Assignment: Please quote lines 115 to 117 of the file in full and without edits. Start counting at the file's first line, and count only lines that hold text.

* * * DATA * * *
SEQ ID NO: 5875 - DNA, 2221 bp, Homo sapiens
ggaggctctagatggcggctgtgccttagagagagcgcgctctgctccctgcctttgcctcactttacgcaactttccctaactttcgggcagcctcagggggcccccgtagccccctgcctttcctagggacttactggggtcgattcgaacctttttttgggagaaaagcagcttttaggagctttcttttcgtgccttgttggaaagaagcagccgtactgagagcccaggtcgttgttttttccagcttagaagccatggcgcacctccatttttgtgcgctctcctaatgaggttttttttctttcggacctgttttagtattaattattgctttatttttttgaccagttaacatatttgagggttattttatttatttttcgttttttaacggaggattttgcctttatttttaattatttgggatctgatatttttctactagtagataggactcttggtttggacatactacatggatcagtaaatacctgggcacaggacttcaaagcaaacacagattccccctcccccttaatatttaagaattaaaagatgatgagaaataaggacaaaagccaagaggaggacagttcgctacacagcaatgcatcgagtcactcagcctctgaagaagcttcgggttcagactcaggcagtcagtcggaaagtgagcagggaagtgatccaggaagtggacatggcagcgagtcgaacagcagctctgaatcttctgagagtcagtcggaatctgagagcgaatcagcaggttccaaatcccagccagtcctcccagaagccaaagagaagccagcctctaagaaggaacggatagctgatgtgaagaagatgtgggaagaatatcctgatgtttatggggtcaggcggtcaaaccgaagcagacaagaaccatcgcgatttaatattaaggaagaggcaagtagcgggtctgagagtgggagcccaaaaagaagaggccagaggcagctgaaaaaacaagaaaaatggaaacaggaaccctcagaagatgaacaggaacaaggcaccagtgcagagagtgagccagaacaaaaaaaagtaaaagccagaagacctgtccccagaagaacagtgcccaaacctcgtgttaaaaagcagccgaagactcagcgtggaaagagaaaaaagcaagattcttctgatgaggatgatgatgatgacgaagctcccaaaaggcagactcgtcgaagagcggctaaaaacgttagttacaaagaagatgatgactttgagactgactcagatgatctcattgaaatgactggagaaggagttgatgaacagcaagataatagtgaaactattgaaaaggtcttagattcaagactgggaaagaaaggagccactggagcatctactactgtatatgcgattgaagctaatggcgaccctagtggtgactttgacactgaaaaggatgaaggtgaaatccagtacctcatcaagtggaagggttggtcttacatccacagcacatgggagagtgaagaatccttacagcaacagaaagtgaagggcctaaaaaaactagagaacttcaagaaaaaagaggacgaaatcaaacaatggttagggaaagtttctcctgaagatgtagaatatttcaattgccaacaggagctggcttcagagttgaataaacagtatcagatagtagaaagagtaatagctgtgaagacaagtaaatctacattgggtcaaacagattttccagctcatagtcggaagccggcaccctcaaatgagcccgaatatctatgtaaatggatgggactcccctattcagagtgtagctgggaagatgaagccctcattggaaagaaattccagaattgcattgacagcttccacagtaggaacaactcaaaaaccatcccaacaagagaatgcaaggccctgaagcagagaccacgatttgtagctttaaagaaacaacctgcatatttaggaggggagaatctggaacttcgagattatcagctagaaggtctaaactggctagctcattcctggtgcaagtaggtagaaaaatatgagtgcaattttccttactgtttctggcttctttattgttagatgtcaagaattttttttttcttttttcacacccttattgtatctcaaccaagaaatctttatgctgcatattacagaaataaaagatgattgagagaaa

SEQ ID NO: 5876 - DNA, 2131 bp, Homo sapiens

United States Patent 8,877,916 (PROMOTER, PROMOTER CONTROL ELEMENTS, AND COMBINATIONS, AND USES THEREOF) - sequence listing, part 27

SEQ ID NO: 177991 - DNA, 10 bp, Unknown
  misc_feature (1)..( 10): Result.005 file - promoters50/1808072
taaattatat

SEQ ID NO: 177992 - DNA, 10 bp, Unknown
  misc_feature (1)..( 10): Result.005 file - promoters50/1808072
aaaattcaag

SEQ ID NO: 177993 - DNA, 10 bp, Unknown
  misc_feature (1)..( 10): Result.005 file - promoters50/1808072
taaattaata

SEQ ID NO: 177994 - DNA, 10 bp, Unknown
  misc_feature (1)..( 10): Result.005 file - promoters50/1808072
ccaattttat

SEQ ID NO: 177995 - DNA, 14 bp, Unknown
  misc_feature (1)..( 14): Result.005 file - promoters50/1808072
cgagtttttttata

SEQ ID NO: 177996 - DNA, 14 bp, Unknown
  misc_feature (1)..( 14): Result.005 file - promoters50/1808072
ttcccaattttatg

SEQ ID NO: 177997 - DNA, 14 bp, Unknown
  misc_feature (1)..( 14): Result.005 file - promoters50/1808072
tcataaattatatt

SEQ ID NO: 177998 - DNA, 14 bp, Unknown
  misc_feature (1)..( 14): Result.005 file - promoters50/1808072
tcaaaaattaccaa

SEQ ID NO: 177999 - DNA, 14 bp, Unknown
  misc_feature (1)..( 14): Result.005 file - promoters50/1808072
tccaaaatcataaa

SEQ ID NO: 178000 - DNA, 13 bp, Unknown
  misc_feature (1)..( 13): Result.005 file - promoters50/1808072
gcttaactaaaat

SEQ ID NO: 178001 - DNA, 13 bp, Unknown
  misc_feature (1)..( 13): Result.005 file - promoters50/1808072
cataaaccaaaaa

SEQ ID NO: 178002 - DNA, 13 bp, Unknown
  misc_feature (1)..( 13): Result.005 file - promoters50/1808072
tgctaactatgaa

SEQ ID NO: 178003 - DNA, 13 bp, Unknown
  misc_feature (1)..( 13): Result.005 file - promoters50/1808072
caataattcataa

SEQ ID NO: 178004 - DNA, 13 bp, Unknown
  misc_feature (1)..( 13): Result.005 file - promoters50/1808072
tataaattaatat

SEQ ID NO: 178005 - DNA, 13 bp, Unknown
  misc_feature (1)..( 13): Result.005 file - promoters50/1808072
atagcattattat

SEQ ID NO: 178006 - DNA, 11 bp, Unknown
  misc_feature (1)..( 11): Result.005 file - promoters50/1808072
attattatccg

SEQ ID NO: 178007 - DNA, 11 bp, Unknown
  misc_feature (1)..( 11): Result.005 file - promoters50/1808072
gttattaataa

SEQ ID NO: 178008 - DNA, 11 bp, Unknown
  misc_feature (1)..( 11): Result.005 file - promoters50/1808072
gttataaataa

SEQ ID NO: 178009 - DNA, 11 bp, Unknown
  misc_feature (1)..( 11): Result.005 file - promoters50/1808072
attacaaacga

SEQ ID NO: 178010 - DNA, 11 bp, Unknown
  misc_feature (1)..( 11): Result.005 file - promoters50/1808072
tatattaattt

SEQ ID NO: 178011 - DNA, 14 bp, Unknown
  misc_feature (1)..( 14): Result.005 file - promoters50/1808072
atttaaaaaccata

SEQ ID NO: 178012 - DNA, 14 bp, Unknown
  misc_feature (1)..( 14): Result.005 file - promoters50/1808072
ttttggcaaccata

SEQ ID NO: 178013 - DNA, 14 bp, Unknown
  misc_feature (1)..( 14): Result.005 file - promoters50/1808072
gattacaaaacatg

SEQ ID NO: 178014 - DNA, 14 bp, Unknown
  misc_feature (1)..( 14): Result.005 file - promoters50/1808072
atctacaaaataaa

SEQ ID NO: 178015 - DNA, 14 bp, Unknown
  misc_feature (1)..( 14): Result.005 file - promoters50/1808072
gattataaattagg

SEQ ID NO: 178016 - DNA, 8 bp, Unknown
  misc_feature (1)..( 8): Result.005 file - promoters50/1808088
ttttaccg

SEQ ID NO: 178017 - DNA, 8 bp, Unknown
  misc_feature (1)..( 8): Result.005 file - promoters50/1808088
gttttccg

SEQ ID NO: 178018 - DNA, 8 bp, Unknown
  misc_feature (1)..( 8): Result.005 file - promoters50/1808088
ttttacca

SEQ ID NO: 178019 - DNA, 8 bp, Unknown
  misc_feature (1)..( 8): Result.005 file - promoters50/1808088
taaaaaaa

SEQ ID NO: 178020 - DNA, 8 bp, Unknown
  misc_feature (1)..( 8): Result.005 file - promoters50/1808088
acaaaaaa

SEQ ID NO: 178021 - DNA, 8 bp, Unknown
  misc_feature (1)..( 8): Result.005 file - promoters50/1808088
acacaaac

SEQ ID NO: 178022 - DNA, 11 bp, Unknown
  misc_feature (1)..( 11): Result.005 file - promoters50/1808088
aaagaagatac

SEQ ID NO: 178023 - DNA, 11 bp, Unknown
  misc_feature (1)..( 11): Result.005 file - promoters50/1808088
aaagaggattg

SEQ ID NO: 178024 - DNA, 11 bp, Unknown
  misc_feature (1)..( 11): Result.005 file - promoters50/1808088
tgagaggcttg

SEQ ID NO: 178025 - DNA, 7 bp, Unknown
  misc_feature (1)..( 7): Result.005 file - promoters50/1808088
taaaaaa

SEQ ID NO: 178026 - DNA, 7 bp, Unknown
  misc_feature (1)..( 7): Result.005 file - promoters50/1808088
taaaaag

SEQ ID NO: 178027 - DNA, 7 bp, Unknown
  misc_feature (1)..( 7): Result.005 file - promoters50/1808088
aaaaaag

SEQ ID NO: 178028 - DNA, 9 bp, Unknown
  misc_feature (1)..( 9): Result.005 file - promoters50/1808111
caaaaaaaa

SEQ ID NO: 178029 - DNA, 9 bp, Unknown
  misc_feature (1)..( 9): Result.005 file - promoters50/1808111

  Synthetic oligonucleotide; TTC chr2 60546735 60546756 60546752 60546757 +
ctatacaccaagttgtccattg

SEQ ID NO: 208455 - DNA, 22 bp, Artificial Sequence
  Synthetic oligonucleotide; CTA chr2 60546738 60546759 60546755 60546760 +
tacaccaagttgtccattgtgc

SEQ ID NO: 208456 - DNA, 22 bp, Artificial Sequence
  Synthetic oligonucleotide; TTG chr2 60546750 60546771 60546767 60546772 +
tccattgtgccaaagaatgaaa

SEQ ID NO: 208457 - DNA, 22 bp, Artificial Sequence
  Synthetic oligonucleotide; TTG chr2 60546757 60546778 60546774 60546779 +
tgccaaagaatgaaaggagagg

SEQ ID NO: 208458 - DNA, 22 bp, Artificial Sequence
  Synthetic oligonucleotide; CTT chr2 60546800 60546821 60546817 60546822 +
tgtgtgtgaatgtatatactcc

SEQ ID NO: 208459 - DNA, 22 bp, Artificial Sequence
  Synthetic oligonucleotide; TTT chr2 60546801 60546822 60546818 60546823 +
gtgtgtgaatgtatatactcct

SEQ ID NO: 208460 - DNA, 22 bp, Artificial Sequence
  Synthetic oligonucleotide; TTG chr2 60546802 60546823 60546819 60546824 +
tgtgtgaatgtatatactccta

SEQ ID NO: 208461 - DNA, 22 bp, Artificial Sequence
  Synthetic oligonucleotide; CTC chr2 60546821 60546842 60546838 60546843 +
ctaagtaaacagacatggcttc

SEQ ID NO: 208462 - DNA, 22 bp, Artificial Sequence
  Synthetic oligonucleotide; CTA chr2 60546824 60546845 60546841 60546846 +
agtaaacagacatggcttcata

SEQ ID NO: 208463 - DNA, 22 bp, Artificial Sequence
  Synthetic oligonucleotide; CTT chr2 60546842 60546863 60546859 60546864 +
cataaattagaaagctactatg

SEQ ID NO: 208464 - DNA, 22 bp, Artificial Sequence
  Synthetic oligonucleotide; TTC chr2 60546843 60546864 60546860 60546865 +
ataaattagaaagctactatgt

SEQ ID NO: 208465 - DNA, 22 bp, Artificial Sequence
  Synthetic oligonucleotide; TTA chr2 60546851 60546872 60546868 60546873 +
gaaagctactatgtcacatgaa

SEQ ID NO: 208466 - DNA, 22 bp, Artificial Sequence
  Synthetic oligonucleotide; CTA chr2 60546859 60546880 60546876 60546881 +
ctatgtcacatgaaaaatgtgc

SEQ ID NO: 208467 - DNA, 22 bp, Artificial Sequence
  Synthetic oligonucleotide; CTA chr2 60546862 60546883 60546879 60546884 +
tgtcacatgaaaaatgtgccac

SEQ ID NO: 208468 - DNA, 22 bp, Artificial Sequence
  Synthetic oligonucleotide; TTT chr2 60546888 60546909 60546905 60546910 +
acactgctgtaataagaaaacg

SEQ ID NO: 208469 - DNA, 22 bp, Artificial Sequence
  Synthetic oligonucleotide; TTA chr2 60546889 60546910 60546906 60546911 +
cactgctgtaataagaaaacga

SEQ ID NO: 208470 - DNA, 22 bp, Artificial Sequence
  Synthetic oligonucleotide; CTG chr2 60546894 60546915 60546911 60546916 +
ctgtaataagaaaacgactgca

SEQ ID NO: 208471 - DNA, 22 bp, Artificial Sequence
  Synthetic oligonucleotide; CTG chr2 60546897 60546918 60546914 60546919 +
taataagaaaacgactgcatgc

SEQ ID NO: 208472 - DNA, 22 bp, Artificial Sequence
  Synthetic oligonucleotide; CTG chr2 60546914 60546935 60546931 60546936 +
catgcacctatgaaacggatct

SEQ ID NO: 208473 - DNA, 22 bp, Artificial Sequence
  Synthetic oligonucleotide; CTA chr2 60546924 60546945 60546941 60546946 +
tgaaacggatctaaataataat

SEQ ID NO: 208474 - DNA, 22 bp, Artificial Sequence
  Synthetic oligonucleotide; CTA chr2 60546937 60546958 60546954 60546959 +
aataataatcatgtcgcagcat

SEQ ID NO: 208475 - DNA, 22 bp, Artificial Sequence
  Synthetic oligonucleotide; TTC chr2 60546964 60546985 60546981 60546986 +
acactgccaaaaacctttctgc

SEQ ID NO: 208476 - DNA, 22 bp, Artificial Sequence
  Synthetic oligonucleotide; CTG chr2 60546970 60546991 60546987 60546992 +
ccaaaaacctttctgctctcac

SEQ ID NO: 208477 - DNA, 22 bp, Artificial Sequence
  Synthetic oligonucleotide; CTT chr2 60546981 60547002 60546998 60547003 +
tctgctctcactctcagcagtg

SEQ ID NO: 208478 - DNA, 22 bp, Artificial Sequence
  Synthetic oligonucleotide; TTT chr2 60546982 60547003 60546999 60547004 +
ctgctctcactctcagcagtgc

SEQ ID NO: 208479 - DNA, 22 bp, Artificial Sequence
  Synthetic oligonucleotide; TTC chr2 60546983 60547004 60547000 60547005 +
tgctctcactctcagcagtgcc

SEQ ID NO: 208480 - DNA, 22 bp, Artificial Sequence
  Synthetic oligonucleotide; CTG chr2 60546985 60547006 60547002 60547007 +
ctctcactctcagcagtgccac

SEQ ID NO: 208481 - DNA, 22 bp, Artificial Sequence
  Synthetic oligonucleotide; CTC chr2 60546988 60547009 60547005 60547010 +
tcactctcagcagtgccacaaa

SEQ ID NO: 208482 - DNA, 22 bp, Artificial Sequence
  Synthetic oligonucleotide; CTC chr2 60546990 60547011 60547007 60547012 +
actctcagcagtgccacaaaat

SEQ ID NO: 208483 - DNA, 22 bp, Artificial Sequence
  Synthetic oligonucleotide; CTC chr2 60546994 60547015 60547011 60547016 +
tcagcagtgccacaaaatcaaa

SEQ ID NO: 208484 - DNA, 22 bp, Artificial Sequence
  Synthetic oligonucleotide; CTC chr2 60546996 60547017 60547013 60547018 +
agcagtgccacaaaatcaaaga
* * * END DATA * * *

aaaaaag

SEQ ID NO: 178028 - DNA, 9 bp, Unknown
  misc_feature (1)..( 9): Result.005 file - promoters50/1808111